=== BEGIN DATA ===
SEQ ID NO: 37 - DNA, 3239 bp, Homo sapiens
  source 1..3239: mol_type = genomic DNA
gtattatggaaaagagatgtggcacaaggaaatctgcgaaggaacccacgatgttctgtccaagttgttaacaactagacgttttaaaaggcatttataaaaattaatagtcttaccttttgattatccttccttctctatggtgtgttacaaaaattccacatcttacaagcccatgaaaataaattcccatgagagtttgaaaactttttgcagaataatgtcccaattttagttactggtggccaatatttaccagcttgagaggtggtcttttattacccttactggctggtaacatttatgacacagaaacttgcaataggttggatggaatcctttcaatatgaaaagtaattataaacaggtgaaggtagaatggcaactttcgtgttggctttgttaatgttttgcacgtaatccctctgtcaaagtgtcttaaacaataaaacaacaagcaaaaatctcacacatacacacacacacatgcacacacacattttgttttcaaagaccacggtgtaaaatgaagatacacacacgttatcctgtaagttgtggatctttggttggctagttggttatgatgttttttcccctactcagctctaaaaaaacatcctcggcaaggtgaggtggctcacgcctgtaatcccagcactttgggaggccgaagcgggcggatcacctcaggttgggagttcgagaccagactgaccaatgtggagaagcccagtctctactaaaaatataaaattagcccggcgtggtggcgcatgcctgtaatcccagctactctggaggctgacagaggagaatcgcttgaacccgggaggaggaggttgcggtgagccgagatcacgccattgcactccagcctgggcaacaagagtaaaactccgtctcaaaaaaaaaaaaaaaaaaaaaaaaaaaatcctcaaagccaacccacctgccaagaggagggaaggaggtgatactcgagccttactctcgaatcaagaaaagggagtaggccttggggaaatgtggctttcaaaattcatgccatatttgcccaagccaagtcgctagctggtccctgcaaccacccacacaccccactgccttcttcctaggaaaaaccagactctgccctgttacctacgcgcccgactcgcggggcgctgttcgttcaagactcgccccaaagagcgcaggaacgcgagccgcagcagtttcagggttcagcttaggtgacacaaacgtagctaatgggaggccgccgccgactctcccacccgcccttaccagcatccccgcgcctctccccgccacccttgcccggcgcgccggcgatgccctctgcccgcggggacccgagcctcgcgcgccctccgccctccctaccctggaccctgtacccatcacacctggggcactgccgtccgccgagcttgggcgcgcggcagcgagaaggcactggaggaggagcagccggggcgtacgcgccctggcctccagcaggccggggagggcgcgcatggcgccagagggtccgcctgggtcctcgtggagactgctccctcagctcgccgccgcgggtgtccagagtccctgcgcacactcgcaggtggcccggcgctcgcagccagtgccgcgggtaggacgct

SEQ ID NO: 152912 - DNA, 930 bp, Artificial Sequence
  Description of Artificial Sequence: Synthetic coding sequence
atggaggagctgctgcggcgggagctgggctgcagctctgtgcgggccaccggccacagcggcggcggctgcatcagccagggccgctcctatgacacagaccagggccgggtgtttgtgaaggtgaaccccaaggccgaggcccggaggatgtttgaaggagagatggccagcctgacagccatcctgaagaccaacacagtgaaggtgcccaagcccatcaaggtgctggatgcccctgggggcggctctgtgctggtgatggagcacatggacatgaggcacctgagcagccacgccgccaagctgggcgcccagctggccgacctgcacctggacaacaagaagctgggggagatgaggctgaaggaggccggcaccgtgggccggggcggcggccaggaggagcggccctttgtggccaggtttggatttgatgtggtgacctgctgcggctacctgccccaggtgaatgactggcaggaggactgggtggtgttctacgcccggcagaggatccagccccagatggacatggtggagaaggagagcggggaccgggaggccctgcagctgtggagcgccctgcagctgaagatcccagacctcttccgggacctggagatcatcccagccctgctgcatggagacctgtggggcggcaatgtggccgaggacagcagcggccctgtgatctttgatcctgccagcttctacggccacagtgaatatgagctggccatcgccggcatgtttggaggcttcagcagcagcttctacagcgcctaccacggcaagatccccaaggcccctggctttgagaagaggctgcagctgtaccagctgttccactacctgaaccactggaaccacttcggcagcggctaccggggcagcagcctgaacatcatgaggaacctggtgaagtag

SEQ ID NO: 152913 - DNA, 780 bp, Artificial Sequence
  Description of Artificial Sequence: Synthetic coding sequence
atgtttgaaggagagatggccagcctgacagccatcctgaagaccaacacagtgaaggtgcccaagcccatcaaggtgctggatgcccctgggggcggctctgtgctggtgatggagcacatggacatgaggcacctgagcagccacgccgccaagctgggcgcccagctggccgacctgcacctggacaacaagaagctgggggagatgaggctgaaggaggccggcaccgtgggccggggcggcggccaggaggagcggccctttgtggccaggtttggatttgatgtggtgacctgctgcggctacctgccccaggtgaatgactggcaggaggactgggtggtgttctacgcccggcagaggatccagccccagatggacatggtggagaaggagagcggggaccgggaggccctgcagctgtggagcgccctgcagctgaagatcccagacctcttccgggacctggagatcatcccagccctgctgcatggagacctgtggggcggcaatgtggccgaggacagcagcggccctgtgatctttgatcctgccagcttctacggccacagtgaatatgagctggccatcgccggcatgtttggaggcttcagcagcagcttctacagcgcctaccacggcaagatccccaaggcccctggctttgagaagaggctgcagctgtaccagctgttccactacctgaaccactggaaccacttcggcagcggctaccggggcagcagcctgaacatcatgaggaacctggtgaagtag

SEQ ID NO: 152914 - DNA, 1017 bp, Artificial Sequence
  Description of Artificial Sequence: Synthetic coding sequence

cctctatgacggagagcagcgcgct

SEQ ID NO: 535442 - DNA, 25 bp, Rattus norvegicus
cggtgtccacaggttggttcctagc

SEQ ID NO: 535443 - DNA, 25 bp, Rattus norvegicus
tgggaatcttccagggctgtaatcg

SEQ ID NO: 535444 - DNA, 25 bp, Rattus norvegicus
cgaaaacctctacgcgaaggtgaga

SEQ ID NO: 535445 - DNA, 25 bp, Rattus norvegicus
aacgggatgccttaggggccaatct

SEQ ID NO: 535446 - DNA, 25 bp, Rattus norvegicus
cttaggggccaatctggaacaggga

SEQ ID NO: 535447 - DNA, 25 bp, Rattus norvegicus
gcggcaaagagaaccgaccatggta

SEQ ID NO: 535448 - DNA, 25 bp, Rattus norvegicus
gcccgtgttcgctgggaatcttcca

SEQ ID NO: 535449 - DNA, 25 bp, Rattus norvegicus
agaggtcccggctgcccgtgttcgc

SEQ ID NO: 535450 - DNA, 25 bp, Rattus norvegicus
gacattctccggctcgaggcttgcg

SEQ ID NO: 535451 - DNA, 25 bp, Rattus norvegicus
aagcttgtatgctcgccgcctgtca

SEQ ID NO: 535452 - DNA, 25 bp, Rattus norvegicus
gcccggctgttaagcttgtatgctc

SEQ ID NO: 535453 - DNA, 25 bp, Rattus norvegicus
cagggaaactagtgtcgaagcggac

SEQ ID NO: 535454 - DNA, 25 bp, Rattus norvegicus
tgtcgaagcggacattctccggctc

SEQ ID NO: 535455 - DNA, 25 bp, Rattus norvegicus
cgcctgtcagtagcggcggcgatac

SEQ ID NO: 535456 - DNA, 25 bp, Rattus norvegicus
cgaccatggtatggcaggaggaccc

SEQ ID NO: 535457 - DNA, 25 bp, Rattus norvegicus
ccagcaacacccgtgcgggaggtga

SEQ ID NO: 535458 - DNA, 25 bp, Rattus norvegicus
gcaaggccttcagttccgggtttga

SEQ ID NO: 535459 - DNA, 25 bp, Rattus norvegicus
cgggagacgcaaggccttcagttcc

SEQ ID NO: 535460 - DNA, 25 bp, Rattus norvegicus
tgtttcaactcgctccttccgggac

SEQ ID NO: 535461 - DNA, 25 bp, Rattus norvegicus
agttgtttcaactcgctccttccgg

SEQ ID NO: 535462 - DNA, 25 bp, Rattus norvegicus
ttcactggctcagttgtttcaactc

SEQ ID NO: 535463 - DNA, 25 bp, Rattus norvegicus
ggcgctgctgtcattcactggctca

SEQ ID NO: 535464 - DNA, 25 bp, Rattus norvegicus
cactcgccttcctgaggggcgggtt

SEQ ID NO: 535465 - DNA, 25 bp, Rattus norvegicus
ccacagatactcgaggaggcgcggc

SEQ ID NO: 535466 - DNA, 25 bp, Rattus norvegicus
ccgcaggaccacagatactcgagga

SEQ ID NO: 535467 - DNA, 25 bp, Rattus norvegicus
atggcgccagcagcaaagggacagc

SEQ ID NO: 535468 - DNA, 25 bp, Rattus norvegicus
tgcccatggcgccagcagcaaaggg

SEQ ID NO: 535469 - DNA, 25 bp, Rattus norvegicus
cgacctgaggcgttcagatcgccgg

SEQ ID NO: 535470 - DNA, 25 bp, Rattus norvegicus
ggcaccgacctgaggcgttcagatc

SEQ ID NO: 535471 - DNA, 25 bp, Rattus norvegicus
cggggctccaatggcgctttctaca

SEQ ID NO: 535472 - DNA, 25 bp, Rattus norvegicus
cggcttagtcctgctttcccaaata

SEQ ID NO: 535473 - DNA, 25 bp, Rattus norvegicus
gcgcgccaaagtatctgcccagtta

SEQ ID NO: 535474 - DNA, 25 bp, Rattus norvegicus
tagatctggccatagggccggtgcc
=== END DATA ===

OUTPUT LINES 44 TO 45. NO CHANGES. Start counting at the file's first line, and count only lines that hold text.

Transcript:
ccagcaacacccgtgcgggaggtga

SEQ ID NO: 535458 - DNA, 25 bp, Rattus norvegicus